Sleeping or not sleeping?

The latter is the problem!

Did you know that a high percentage (53% to 90%) of those with widespread, persistent pain suffer from insomnia?

Did you know that even just one night of sleep deprivation in healthy individuals can lead to widespread inflammation?

Our Physiotherpist Andrea Colombi shares some information about the power of sleep!

Insomnia in adults is defined as more than 30 minutes of sleep latency and/or minutes awake after sleep onset for more than 3 days per week for more than 3 months.

In other words, sufferers can have trouble falling asleep, staying asleep, or returning to sleep after waking in the middle of the night, and can experience persistent drowsiness, irritability, anxiety, and difficulty learning and remembering the next day.

If poor sleeping is the cause of more severe pain or it is the pain that impairs an optimal bedtime this represents a ‘chicken and egg’ situation.

Studies have found this to be a bidirectional relationship often leading to vicious cycles. If for any reason your sleeping pattern becomes disturbed you are more likely to experience pain later in life. If your pain is overly distressing yourself, you are more likely to get your night-time sleep a nightmare.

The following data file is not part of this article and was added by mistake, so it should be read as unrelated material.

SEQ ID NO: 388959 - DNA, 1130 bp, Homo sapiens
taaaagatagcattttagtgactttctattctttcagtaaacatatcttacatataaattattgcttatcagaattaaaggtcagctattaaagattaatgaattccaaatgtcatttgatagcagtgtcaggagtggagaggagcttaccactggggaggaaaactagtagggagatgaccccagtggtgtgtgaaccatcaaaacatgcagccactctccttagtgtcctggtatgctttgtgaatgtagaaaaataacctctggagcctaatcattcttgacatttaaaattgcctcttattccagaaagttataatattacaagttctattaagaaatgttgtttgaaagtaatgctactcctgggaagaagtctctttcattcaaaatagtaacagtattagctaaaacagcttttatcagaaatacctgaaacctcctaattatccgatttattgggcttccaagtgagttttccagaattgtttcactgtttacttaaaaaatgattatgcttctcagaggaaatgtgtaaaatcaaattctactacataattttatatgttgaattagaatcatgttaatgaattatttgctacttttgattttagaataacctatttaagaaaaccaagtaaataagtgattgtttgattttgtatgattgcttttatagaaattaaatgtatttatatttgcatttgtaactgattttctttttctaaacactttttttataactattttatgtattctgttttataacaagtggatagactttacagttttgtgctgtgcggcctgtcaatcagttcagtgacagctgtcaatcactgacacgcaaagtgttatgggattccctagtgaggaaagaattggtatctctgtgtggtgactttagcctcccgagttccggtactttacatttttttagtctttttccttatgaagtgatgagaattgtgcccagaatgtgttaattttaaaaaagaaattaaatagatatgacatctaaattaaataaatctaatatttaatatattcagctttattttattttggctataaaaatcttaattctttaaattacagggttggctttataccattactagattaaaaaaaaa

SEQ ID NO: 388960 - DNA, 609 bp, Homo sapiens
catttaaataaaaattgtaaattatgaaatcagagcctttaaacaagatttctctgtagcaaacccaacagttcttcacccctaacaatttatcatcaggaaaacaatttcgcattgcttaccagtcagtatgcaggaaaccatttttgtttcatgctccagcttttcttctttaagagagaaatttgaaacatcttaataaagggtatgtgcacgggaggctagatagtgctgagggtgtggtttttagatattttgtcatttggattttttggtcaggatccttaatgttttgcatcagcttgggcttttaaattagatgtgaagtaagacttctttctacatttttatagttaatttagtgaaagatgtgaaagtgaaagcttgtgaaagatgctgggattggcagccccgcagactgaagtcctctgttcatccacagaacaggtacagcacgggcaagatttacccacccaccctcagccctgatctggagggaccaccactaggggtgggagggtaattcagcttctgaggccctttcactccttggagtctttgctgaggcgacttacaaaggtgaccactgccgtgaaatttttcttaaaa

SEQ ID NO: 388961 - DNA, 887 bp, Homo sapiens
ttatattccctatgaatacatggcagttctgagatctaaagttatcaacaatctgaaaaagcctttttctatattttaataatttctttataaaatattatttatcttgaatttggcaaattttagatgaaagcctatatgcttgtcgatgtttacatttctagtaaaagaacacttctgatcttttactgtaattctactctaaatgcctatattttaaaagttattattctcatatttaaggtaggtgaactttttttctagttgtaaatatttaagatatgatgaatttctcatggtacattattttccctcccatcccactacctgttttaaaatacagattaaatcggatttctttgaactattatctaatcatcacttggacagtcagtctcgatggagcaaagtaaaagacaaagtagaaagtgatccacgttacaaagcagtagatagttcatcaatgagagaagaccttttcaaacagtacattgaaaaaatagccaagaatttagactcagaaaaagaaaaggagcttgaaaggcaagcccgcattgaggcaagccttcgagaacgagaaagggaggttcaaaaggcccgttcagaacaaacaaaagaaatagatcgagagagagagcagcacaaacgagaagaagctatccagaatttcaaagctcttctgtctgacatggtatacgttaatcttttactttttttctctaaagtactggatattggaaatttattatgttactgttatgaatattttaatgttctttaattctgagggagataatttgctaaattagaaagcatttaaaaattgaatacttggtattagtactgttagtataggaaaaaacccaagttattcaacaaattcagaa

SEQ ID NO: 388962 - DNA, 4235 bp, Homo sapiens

Being sleep-deprived is also associated with a reduced capacity of the body to regulate the benefits of exercise. You might have heard of endorphins? Endorphins are natural hormones travelling in your bloodstream and they help making us feeling happier and better after, for example, physical exertion. If your repose is not enough, then that gym class or that running 10 K you normally do might result in more soreness than usual.

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As if that were not enough, we also need to consider the central role that stress plays herein.

If daily demands (job duties, school/university workload) exceed our resources to cope with them, and this happens on a regular basis, we may feel overwhelmed, worried and helpless. This disrupts our natural biological rhythms and encourages unhealthy behaviours, such as eating too much of the wrong things, neglecting exercise and missing out on sleep.

We can never roll back the clock and reverse the effects of experiences, positive or negative, but we can roll up our sleeves and try to change our behaviours and maybe get some help to reappraise faulty beliefs regarding pain causes.

For example, regular physical activity is the most important behaviour that one can do to maintain brain and body health. Physiotherapists can help you to get more insights about DO’s and DON’TS and give you some advice and strategies on how to improve your sleeping.